People are so obsessed with the idea of change but they do not want to change. While discussing economic recession and the rise in prices of goods and services I employed in one of my writings titled ‘Nigeria and the Common Man’ to bring the suffering, then, to the open, a civil servant who has strong distaste for change, for to him it is synonymous to hunger and death, asked me many questions to which I gave succinct answers.

 

In the course of the discussion that civil servant gave me the shock of my life. My thought was: Nigerians have tasted fake life characterized by misappropriation, looting, embezzlement and an ever-widening, huge gap between rich and poor; but his, as many of his kind, was quite different.

 

All his grumblings, distaste and abhorrence against change was, as he said, because there were no more leakages in the ministry where he works. Life now to him, as many Nigerians, is difficult for he used to get out of the leakages a makeweight to put food on the table. This as he concluded is the only thing that stops him from liking the Buhari administration. There are many cogent reasons he should have given for loathing the President, but he gave the baseless ones. Thousands of Nigerians are like him.

 

I know a private school – I won’t mention the name for obvious reasons – whose management board go for one another’s jugular vein. Sometimes junior staff have to intervene. The reason will surprise you. Both the principal and his vice are very greedy. Therefore one cannot give the other even a penny out of his crooked deals. And they too are waiting for the country to become better, thinking fairy bodies from the underworld will come to right the wrongs.

 

Often I hear them lamenting the current affairs of the state. They always talk of a sledgehammer of poverty in the hands of politicians that beats them to a pulp, forgetting that there are children under their care but whom they deliberately fail to shepherd as expected.

 

Recently we received a check of twenty thousand naira from a father and the director of our school to whose child we, I and a friend, give lessons. At our arrival at a branch of the Zenith Bank, we met two police officers engaged in a heated argument on current affairs.

 

One of them was enraged and he started swearing that he was ready to take on whosoever supports president Buhari. He has a right to his choices as a fellow Nigerian. There is no doubt about this; but one thing he had forgotten as a police officer was that he should not be partisan. And something in line with this write up is: he has forgotten how they block ways to extort money from motorists, not they alone, even other law enforcement agencies have followed suit. When one breaks the rule, all they want is some amount to let him go, not even considering the threat this may pose to others.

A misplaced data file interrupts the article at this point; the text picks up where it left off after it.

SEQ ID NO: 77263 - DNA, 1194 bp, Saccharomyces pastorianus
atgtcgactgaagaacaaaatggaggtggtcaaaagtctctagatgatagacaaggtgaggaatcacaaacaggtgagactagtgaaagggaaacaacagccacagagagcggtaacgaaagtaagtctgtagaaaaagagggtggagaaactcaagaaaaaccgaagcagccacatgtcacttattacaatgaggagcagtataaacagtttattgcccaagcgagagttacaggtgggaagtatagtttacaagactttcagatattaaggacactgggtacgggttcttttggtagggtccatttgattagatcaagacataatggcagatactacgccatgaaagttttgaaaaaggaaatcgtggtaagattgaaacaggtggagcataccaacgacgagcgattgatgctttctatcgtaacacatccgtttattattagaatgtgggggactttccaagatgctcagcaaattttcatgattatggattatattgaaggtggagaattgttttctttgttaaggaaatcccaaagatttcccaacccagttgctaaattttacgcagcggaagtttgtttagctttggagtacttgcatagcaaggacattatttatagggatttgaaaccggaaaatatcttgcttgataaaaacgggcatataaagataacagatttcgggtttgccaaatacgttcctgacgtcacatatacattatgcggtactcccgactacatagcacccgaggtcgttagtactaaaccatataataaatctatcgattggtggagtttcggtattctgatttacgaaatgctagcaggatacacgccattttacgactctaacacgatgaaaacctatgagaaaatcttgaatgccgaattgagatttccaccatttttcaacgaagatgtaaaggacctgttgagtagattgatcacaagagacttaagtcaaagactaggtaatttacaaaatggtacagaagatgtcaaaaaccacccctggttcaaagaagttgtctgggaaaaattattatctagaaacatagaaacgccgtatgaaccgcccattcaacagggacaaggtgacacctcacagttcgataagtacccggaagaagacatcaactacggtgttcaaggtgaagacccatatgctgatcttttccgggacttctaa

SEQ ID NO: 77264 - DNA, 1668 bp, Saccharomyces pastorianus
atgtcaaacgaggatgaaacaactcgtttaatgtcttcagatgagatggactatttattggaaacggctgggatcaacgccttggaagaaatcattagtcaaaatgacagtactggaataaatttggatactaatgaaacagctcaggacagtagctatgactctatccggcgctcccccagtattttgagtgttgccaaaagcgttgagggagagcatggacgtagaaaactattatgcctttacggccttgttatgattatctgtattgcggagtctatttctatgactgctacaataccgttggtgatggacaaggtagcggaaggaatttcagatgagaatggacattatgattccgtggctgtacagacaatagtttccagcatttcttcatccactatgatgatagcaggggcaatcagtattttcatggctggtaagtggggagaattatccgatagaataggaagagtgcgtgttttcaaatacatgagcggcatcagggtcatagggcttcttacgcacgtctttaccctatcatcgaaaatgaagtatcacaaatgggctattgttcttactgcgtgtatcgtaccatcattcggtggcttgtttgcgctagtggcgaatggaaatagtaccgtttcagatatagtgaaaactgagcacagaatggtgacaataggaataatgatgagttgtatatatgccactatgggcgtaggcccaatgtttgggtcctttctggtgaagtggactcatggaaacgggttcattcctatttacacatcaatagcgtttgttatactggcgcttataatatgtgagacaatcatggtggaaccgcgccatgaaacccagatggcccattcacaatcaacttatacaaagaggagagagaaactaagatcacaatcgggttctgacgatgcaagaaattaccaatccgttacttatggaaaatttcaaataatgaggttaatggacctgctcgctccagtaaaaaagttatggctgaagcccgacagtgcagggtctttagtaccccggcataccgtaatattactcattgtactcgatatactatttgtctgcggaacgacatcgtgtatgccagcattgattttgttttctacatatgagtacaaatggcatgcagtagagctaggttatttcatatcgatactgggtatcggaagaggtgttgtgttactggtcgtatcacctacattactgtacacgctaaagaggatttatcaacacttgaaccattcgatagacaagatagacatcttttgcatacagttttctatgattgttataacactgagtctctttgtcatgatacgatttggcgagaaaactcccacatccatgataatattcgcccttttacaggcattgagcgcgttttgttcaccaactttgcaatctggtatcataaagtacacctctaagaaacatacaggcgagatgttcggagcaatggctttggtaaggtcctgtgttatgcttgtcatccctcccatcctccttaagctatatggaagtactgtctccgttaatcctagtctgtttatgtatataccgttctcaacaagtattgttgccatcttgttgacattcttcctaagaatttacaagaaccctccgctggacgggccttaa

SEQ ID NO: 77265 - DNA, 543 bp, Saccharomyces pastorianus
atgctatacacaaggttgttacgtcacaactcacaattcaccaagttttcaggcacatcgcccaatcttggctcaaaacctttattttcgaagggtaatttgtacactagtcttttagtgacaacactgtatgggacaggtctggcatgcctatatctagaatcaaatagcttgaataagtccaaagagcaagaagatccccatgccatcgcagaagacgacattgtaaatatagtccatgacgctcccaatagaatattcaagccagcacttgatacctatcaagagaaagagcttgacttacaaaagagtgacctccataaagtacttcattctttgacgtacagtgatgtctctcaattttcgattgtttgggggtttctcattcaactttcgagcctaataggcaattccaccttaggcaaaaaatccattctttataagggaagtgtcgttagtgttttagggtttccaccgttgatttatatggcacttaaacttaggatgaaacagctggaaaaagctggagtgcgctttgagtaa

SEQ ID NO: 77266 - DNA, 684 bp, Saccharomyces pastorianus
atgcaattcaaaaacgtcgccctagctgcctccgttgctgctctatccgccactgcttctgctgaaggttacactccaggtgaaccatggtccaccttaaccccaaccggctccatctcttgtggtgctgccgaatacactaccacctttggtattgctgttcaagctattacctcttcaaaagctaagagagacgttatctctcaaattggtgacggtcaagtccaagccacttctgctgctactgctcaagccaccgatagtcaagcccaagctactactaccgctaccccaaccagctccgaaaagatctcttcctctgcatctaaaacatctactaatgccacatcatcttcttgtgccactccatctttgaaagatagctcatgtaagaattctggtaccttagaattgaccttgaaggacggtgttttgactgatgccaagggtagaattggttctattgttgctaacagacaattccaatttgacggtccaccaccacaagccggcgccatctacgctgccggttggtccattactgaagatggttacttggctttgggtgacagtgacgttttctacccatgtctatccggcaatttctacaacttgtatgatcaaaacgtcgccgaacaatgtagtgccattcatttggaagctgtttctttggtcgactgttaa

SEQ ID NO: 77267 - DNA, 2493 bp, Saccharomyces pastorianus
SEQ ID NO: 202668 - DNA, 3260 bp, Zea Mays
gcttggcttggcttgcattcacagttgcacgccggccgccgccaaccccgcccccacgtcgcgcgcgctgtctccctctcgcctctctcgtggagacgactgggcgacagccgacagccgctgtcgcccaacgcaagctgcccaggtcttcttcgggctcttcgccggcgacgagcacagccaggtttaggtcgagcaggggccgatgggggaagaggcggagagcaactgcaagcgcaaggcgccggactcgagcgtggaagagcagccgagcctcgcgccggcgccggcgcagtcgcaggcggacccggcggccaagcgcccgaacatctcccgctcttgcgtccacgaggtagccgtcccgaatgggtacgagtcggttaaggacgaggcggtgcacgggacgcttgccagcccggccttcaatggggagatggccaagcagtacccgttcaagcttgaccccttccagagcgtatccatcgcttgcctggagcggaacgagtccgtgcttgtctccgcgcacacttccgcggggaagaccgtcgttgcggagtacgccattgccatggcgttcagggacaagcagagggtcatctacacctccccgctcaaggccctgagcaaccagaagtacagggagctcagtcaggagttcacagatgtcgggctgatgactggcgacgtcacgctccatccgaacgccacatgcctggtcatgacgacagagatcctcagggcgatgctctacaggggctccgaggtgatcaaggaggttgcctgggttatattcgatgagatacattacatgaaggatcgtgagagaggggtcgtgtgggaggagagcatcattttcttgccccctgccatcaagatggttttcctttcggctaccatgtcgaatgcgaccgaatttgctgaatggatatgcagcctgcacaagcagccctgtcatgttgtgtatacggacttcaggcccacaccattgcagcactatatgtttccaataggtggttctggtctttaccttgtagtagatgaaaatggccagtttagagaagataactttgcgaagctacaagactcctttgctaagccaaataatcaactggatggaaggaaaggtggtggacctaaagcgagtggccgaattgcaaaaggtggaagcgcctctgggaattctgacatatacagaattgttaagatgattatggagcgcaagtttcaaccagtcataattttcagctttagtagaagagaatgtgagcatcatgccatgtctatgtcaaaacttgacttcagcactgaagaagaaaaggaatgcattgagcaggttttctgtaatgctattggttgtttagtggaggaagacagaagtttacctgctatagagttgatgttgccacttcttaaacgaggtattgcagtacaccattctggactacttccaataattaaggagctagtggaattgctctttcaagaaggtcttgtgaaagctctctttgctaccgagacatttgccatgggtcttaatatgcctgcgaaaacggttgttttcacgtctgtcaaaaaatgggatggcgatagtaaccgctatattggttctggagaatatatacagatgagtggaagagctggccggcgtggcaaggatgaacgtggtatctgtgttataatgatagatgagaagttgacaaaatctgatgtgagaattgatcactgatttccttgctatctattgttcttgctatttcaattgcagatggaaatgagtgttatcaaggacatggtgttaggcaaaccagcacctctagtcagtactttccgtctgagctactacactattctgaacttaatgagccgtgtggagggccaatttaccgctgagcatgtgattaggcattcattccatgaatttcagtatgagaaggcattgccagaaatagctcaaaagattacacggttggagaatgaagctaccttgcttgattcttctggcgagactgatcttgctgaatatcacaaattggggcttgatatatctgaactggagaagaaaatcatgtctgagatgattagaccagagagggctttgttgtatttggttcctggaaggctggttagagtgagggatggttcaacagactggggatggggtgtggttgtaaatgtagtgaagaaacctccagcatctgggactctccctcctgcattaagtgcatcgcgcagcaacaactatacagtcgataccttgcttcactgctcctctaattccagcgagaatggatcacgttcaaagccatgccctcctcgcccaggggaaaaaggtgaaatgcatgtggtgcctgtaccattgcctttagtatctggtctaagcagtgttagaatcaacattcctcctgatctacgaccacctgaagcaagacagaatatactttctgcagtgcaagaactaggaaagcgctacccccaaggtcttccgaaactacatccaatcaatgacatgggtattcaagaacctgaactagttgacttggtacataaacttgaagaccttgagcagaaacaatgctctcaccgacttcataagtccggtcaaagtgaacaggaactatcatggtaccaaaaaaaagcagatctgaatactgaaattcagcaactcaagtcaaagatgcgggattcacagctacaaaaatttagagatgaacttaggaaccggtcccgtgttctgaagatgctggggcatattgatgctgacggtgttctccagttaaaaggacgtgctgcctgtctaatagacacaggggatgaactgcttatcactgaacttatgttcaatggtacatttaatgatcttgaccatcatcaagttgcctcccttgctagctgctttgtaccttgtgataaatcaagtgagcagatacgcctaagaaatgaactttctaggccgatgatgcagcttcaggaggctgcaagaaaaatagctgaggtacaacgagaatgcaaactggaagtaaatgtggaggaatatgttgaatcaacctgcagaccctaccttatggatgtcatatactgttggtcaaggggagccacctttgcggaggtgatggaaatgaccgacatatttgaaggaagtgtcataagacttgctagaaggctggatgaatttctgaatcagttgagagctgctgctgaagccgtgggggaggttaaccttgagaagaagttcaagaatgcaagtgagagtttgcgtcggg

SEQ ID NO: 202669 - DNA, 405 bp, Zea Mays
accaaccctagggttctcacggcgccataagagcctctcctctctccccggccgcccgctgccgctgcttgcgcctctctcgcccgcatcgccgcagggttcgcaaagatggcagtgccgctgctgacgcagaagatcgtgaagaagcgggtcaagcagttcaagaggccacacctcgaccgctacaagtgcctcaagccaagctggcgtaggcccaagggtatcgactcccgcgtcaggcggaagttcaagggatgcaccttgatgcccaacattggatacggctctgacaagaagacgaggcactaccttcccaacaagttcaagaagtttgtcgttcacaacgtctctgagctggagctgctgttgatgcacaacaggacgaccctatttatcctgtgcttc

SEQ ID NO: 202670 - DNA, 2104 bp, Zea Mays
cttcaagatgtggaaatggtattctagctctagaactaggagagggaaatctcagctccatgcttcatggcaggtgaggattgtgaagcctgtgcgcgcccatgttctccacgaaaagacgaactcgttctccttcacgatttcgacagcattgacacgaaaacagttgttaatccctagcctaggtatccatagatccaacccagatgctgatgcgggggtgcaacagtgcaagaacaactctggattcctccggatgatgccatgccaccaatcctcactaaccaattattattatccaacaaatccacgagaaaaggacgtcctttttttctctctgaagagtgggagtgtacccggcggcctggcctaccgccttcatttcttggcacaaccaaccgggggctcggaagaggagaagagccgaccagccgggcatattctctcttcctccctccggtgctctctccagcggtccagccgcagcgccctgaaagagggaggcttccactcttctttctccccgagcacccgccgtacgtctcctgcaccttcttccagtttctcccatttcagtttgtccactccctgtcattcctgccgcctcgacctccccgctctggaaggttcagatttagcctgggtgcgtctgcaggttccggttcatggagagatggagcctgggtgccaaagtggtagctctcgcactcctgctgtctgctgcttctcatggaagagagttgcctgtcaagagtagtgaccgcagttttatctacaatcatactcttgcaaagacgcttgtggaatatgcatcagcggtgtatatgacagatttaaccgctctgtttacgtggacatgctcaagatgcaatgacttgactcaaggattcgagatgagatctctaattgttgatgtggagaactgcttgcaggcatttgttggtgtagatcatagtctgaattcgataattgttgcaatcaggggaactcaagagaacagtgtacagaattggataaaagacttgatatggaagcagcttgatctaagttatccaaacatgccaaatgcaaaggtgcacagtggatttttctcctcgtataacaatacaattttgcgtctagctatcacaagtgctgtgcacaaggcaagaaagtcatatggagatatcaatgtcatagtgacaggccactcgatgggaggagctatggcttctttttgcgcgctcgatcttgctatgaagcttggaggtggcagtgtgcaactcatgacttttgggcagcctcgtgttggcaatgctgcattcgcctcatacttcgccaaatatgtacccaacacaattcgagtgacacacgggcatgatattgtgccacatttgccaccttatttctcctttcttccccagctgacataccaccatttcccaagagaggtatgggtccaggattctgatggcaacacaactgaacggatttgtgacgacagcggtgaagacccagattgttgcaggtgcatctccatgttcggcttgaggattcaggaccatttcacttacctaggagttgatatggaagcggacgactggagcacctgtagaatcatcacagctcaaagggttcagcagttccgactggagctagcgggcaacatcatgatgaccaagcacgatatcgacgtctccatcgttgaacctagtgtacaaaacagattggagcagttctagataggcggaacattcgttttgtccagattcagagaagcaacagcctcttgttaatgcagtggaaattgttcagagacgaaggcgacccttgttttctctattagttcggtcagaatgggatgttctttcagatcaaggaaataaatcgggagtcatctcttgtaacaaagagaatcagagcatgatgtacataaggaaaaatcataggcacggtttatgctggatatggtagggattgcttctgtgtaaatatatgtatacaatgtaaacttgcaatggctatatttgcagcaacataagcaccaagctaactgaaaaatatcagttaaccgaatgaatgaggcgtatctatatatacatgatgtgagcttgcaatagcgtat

I listen with keen attention when people cite examples of development in other countries. I watch with envy when our academics cite examples of morality and discipline in other countries. I feel as if something pricks my skin when I listen or read of civil rights movements led by great minds like Martin Luther King Jr. or Gandhi of India; but the way they perceived the idea of ‘change’ is quite different from ours. Their perception of change was first placed upon a giant structure of truth and then laced with actions. They were the first to pay for it dearly with their lives.

 

Those are the countries reaping the sweetened fruits of their sacrifices. To have a better Nigeria, where opportunities abound, we have to pay the ultimate sacrifice of embracing positive attitude and renouncing negative ones. There is no alternative way to glory.

 

 

 

 

Abdulyassar Abdulhamid

Abdulyassar Abdulhamid, Kano based, is graduate of B.A English from Bayero University, Kano. He is a budding writer, social analyst, freelancer at Sunrise Language Practitioner (SLP) and regular contributor to Nigerian dailies. 
His writings have appeared in The Communicator, a magazine published by Kano State Polytechnic and in Dailytrust, The Triumph and The cable newspapers. He has a strong interest in literary theory.